This has served to remind us that God’s ways are not our ways, that chapters in the story of our lives begin and end according to His will and not ours, that His glory is paramount over any earthly joy or blessing we could even think of using to glorify Him —- because He in His infinite wisdom knows what is best for our lives to magnify Him most greatly. Whether we are facing another chapter -— or perhaps simply an interlude -- of uRPL in our family or not, we have realized that we just don’t know what the chapters in our story are going to look like; we can’t predict their endings; we may not always understand the storyline as we’re going through it (and maybe not even when looking back). But infertility will always be part of our story, as God has used it to shape us and use us in ways we would not have otherwise been used in His Kingdom.
If you look at my family picture, you probably would not automatically think, “I wonder if that family has ever struggled with infertility? ”—- which is just another reminder for us in the midst of "National Infertility Awareness Week" that we really are unaware of so much about infertility, its effects, its forms, its reach. My arms are both full and empty. I have children on earth, but more children who reside in the glories of heaven. I know the miracle of getting BFPs (that’s infertility-speak for “big fat positive” which is code for a positive pregnancy test), but I also know the depth of anguish that comes from my naïveté being stolen and understanding that being pregnant does not necessarily mean I am having a baby.
You may know someone like me. Someone who may even look like “a fertile myrtle” on the outside, but who may be suffering in silence. Someone who longs to pour out her life into the nurturing of children but whose body habitually fails her in ways far outside of her control, no matter the lengths she may (or may not) go to in order to try controlling things. Someone who beseeches the Lord daily for arrows in a quiver so that she can join the mommy club rather than the infertility club. Someone like Hannah, Sarah, the wife of Manoah, the wife of Abimelech, Rebekah, Rachel, Michal, Elizabeth -— women in Scripture who we know suffered infertility because these stories are recorded for us in God’s Word.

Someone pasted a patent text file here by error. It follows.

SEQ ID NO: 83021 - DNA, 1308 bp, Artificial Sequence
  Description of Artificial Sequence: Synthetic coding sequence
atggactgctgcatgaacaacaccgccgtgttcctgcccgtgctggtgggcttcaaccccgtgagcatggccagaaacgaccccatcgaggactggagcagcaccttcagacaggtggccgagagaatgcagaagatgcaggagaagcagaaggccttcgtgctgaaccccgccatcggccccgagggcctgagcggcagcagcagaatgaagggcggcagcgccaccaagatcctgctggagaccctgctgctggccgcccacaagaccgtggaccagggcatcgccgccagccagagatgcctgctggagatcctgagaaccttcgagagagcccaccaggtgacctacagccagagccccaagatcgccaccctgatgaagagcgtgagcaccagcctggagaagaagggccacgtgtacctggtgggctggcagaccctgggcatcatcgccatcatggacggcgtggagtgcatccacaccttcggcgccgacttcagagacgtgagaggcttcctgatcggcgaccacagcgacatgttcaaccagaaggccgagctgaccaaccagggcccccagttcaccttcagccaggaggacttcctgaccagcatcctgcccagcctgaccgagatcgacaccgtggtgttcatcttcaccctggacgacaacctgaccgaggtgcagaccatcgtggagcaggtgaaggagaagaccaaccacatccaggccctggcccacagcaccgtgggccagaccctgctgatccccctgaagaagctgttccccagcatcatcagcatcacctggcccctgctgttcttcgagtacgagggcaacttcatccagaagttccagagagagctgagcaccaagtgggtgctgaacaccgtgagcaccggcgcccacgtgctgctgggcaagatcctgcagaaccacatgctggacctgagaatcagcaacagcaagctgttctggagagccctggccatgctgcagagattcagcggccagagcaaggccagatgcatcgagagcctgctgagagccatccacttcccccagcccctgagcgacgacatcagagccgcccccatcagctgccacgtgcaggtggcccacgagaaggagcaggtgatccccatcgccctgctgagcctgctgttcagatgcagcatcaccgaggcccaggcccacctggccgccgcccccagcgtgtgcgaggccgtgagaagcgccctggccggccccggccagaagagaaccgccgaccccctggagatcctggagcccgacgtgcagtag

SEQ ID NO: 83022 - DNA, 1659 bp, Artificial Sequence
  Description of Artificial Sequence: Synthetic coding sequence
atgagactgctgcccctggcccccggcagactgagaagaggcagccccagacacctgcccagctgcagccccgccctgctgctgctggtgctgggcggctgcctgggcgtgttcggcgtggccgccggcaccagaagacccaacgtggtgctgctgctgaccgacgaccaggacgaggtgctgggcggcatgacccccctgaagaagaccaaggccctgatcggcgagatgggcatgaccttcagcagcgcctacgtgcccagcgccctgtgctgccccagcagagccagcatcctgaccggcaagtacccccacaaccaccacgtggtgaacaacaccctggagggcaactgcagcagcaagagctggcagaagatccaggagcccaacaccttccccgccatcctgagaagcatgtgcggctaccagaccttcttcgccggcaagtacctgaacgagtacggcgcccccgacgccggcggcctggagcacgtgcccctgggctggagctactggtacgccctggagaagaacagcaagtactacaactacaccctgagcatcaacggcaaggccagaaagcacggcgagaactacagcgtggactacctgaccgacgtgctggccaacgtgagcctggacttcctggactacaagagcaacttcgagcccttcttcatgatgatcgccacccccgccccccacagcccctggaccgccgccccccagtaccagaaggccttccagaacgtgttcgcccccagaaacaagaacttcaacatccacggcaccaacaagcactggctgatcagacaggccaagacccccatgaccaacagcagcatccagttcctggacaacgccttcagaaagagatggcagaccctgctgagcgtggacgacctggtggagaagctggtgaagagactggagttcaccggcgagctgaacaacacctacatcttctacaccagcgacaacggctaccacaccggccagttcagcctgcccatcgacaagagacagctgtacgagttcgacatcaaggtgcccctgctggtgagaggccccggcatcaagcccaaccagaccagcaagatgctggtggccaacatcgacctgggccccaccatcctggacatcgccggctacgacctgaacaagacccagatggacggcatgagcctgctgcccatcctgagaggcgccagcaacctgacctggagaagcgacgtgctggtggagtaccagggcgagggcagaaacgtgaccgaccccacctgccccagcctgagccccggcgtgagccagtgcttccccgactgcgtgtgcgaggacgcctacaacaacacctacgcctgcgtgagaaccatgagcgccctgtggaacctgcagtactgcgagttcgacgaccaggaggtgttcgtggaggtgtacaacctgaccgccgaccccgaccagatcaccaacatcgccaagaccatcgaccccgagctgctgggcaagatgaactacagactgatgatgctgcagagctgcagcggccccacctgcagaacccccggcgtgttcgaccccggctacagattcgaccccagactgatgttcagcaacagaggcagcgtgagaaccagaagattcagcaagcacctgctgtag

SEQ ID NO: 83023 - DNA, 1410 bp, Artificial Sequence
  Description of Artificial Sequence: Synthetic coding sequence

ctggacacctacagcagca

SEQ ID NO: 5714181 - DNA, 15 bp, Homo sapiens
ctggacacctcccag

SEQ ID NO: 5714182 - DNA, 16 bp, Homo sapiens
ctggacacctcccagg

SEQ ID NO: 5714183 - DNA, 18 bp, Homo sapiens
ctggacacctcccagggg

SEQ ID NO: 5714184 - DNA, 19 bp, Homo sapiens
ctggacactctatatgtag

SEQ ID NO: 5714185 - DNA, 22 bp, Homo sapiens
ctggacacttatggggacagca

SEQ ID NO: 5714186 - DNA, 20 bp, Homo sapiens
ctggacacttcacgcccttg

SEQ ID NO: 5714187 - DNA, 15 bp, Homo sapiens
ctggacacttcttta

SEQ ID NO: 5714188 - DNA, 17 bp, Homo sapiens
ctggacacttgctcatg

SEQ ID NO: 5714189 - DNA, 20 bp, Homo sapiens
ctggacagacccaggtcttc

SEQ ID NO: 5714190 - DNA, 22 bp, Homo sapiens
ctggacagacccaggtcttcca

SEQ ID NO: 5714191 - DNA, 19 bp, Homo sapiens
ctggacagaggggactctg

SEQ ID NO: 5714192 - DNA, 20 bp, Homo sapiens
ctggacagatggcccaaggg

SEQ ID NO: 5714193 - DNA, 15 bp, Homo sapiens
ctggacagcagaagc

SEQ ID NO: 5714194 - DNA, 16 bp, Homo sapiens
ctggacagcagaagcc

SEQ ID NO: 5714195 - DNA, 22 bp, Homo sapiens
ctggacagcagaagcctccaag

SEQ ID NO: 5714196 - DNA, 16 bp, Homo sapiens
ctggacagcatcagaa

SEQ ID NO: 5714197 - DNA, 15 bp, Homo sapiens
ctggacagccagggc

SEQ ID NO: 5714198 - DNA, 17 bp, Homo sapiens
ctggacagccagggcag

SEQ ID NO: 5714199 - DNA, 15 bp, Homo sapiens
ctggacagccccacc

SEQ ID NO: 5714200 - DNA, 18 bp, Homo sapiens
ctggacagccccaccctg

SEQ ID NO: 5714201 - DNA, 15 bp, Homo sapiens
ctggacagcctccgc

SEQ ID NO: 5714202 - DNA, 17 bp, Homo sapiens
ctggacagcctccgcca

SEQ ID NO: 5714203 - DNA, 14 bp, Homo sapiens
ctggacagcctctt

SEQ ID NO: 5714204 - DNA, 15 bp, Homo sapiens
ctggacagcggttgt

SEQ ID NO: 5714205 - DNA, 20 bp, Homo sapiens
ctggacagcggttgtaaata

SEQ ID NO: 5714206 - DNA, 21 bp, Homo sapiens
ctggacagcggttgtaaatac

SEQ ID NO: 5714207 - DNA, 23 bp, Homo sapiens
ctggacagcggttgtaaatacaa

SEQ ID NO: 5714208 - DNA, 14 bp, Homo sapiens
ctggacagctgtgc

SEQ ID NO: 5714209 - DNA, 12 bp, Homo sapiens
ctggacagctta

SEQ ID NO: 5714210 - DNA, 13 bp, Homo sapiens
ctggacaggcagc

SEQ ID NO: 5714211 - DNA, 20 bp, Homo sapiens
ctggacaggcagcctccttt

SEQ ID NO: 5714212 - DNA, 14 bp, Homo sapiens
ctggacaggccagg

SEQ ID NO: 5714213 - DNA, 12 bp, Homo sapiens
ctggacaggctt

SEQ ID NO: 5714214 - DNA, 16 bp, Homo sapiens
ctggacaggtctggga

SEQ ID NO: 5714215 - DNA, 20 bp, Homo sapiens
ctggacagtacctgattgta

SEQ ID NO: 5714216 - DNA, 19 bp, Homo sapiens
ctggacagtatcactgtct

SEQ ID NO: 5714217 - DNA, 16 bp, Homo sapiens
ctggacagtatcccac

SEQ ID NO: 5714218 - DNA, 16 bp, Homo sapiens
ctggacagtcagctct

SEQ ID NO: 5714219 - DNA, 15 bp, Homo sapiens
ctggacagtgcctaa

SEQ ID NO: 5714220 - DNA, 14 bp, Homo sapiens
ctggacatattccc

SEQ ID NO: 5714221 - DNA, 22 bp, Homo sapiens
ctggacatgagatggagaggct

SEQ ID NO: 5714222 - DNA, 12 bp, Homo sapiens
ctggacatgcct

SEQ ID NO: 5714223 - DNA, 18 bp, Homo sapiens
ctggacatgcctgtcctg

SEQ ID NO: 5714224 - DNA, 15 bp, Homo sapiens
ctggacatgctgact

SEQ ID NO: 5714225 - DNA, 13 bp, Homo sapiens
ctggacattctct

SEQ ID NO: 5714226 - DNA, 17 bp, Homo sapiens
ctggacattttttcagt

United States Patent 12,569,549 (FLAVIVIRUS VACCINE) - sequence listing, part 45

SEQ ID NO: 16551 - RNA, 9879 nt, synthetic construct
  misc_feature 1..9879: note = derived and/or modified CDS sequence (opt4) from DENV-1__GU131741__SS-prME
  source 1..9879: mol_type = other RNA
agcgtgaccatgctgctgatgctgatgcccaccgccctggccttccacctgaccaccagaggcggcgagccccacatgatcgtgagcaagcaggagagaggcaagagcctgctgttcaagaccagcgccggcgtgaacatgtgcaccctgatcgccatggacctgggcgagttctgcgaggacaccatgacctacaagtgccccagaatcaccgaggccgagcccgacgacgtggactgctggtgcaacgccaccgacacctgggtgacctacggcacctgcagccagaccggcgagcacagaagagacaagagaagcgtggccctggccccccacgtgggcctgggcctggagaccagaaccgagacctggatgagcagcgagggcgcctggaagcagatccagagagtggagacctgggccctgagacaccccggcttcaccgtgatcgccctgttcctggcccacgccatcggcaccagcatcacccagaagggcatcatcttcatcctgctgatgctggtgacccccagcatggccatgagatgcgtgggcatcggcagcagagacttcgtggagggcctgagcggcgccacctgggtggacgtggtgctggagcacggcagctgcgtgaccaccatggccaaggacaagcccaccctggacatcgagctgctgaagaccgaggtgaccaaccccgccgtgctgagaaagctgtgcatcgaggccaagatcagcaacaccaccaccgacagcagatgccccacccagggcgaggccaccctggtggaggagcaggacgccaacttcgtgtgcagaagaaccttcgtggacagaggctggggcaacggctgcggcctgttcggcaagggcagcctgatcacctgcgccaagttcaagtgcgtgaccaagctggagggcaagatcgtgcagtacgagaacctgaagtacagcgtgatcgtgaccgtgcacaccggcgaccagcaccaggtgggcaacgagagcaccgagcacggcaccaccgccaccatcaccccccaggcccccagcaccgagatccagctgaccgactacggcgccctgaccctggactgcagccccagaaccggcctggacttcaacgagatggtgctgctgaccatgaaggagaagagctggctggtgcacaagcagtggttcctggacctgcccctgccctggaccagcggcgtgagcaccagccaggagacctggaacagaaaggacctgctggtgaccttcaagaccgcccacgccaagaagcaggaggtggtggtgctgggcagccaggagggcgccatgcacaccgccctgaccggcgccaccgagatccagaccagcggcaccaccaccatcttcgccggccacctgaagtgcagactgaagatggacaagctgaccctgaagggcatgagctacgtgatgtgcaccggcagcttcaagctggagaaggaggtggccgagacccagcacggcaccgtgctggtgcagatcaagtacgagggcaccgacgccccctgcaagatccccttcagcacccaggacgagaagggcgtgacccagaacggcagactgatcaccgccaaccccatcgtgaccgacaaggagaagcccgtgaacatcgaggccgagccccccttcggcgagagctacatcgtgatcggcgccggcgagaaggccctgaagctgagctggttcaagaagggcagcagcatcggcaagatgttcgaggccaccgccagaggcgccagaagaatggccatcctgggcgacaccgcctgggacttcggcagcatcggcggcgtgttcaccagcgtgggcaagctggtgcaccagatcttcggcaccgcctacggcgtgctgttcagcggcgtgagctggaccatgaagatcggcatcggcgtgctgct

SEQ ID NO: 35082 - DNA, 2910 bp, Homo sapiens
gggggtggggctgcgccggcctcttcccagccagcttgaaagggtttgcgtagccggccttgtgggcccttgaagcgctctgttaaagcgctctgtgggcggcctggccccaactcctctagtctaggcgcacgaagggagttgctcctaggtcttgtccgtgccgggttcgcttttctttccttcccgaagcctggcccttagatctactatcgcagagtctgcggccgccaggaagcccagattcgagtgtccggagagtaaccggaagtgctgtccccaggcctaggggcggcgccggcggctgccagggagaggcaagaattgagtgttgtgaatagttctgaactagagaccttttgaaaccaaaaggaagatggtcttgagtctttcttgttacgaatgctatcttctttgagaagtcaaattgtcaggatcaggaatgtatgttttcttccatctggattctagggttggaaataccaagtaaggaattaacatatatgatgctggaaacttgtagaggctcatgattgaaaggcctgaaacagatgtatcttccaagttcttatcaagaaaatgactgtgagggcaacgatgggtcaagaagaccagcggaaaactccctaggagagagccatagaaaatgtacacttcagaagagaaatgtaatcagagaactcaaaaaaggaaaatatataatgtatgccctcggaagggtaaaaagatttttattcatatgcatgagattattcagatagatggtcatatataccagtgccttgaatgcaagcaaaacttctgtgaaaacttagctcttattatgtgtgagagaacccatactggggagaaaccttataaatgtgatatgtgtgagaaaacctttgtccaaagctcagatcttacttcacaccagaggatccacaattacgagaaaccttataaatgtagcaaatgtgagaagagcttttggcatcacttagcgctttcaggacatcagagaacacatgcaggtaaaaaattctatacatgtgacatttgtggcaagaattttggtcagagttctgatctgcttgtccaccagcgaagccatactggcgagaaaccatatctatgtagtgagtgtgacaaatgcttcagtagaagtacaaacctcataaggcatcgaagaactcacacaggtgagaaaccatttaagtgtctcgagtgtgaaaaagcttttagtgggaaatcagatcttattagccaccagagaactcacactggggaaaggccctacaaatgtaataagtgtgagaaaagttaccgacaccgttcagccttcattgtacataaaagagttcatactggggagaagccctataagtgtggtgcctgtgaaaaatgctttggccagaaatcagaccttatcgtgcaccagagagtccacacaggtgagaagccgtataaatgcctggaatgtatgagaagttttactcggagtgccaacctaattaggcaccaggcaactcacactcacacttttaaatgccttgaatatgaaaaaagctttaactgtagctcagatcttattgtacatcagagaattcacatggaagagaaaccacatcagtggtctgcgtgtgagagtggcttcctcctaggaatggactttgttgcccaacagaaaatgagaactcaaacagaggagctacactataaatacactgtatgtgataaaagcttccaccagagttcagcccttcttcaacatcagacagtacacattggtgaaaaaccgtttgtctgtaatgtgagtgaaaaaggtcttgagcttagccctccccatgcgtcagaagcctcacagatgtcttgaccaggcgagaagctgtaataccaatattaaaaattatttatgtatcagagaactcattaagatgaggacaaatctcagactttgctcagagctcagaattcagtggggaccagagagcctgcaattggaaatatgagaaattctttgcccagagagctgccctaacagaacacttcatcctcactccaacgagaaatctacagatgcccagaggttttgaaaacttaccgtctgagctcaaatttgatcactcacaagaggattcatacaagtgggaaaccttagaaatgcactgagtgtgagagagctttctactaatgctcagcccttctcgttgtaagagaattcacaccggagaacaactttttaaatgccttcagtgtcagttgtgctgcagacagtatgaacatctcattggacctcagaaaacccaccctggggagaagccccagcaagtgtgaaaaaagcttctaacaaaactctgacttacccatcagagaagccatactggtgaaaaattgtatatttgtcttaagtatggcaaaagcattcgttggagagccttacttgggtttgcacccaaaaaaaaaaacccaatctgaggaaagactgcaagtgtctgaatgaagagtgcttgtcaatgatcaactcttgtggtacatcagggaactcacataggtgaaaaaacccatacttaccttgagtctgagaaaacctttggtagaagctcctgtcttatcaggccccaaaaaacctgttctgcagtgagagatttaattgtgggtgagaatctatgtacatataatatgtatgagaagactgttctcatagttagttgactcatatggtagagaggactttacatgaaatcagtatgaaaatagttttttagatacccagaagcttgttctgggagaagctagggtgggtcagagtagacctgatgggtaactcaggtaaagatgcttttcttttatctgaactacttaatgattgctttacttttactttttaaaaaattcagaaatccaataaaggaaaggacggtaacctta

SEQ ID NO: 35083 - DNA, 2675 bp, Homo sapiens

We don’t know the conclusions to our own stories, much less anyone else’s. But that is part of the bittersweet beauty of living in the world that is written by God, spoken by Him, revealed to us as His finite image-bearers only one chapter at a time: we have to rely on Him line by line, page by page, storyline by storyline. That’s one of the realities of my own chapter of infertility -— it is unpredictable, unrecognizable, unnoticed, unknown. Which, perhaps, is one of the best reasons why my own version of recurrent pregnancy loss is precisely, exactly, best described as infertility. And that is one of the reasons why I feel God calls me to speak out about it, to share in others’ similar journeys, to offer words of encouragement and empathy on this path, so that others can share in the comfort of Christ (2 Corinthians 1:4) which He has offered to me through these locust-eaten years (Jonah 2:25) as well, even as He continues to reveal my own story to me little by little.
Melissa Joy seeks to grow in grace and wisdom alongside her husband Steven, while pursuing joyful domesticity by nurturing her home and family. The joy she finds in her family, homemaking, music, writing, ministering to those in grief, and seeking to be a pillar of loving strength in her home can be seen unveiled at Joyful Domesticity, her contributing posts read at Mommies With Hope, her interactions of encouragement and prayers at Hannah’s Prayer, and her love for women on the journey of pregnancy after loss in her work as a contributing editor for Rainbows & Redemption.
(Please note that all parts of this article are the opinion of the guest writer and not necessarily viewpoints that I personally share)